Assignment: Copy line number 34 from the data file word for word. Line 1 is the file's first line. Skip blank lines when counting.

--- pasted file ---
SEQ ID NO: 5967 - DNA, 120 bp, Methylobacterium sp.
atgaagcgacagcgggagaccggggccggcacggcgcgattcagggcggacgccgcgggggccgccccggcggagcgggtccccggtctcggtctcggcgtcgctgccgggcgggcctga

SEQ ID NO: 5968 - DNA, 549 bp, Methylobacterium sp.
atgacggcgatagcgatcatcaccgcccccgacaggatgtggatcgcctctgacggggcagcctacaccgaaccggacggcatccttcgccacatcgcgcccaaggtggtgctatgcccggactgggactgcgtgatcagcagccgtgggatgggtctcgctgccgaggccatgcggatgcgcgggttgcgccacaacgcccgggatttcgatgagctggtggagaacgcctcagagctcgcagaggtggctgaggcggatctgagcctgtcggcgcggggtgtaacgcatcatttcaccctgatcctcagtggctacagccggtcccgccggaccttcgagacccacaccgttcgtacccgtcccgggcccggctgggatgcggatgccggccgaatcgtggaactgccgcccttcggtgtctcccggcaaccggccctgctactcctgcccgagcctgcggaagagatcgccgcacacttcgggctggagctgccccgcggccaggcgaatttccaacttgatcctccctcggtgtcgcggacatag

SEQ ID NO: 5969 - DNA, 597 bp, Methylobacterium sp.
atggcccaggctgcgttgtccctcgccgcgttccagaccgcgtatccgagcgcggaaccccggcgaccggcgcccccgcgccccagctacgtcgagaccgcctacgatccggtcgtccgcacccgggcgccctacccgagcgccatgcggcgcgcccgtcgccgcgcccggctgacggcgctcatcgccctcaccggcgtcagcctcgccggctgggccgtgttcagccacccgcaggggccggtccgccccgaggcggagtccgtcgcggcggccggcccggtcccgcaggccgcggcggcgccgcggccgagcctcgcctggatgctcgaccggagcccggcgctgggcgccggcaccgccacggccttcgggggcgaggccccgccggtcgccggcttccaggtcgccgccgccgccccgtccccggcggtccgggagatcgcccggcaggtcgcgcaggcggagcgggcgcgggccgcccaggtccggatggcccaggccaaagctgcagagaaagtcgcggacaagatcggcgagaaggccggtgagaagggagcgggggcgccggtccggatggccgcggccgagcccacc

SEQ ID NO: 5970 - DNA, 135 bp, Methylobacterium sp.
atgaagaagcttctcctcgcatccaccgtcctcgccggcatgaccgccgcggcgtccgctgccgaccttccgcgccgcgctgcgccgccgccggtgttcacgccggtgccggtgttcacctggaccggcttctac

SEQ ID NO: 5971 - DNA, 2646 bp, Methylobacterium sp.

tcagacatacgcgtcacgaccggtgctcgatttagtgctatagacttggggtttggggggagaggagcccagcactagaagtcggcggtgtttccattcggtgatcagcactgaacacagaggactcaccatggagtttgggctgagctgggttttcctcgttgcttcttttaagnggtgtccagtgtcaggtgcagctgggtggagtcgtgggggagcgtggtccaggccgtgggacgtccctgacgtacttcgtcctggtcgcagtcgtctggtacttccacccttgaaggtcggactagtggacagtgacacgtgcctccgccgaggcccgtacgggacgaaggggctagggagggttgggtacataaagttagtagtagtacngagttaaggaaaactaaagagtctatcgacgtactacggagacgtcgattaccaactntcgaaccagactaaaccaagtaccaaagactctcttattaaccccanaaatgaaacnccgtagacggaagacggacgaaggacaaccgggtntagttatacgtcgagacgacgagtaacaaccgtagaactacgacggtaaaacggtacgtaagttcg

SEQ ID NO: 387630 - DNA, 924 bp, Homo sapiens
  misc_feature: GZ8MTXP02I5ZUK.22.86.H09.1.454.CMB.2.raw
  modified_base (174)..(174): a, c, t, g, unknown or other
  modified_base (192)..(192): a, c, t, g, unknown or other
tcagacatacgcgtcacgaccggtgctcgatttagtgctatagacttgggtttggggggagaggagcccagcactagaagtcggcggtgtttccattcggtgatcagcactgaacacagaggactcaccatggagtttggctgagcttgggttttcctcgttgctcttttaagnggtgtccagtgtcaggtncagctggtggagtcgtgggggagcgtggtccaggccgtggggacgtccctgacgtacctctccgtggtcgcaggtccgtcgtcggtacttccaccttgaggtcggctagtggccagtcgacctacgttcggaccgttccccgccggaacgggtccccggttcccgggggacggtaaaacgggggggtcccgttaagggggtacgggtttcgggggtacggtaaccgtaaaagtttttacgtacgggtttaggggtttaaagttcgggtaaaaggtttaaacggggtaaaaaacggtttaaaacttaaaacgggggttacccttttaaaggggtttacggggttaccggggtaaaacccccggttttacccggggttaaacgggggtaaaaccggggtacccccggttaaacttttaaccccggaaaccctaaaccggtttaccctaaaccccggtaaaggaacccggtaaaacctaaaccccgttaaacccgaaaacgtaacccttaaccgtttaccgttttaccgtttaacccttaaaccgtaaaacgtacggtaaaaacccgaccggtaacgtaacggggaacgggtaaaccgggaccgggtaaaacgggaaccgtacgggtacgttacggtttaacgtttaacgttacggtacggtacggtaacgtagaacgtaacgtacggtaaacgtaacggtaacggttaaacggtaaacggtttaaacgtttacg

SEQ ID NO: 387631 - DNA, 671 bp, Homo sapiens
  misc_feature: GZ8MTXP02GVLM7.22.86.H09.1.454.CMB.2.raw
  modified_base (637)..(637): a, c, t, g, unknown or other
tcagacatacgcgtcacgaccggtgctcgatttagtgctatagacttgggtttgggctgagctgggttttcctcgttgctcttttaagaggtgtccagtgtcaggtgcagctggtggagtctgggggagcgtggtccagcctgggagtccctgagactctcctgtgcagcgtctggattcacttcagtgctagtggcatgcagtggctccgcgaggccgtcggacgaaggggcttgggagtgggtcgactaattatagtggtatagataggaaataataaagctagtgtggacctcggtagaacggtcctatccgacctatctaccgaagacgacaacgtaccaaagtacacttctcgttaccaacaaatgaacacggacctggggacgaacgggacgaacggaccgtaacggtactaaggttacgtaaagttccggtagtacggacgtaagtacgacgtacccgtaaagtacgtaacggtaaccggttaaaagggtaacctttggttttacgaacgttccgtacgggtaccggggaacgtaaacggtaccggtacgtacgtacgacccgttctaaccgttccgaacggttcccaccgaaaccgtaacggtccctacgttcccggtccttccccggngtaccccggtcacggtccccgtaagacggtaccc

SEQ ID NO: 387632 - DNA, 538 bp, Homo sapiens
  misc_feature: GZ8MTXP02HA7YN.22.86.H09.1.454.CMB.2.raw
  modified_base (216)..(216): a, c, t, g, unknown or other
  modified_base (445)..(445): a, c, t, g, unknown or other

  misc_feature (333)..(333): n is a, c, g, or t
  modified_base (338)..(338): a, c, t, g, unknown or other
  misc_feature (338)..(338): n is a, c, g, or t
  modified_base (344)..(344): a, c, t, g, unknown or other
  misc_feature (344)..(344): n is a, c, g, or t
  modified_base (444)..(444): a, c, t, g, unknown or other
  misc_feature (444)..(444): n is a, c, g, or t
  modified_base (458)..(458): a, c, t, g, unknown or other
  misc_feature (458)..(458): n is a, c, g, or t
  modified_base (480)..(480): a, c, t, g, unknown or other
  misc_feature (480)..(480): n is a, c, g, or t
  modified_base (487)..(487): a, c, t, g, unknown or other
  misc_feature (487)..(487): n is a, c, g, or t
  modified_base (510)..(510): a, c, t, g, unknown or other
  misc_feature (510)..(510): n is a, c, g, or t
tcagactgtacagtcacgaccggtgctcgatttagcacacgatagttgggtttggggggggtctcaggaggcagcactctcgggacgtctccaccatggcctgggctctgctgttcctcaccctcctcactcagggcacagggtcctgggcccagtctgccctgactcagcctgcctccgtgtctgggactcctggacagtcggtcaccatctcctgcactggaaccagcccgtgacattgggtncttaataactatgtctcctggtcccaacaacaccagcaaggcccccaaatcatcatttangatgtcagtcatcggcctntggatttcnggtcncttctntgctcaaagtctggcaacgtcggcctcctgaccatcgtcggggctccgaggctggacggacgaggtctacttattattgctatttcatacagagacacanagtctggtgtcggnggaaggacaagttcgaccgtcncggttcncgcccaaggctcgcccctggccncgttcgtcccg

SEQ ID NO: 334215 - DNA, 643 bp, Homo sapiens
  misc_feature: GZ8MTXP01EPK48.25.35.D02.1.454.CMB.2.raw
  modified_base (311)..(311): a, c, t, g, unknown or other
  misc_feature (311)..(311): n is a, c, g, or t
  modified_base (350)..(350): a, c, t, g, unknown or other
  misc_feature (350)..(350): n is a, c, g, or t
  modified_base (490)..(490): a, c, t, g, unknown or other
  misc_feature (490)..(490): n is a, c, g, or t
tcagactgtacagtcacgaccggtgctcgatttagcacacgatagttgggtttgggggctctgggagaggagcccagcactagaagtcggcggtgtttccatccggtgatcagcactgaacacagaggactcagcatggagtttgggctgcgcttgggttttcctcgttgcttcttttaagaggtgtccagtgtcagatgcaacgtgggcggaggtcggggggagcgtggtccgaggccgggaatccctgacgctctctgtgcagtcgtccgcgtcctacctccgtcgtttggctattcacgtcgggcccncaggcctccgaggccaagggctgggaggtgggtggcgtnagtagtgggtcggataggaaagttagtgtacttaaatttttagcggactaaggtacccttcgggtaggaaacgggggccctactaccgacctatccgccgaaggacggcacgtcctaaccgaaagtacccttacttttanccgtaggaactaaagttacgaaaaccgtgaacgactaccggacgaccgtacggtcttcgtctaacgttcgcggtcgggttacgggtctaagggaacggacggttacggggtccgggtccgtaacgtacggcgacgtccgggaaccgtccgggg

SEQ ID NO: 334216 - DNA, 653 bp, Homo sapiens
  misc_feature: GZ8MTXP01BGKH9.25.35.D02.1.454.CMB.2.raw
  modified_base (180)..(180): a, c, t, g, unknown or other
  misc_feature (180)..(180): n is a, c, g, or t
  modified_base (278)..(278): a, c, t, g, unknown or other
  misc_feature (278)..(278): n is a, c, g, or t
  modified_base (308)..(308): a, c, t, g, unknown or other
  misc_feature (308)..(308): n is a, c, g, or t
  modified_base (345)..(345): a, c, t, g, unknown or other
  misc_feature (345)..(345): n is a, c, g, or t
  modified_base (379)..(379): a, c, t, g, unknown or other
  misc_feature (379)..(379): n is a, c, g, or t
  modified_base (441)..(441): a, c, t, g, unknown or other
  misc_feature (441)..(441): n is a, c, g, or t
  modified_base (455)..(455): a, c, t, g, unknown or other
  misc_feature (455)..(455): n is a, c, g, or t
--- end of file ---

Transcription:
  misc_feature (480)..(480): n is a, c, g, or t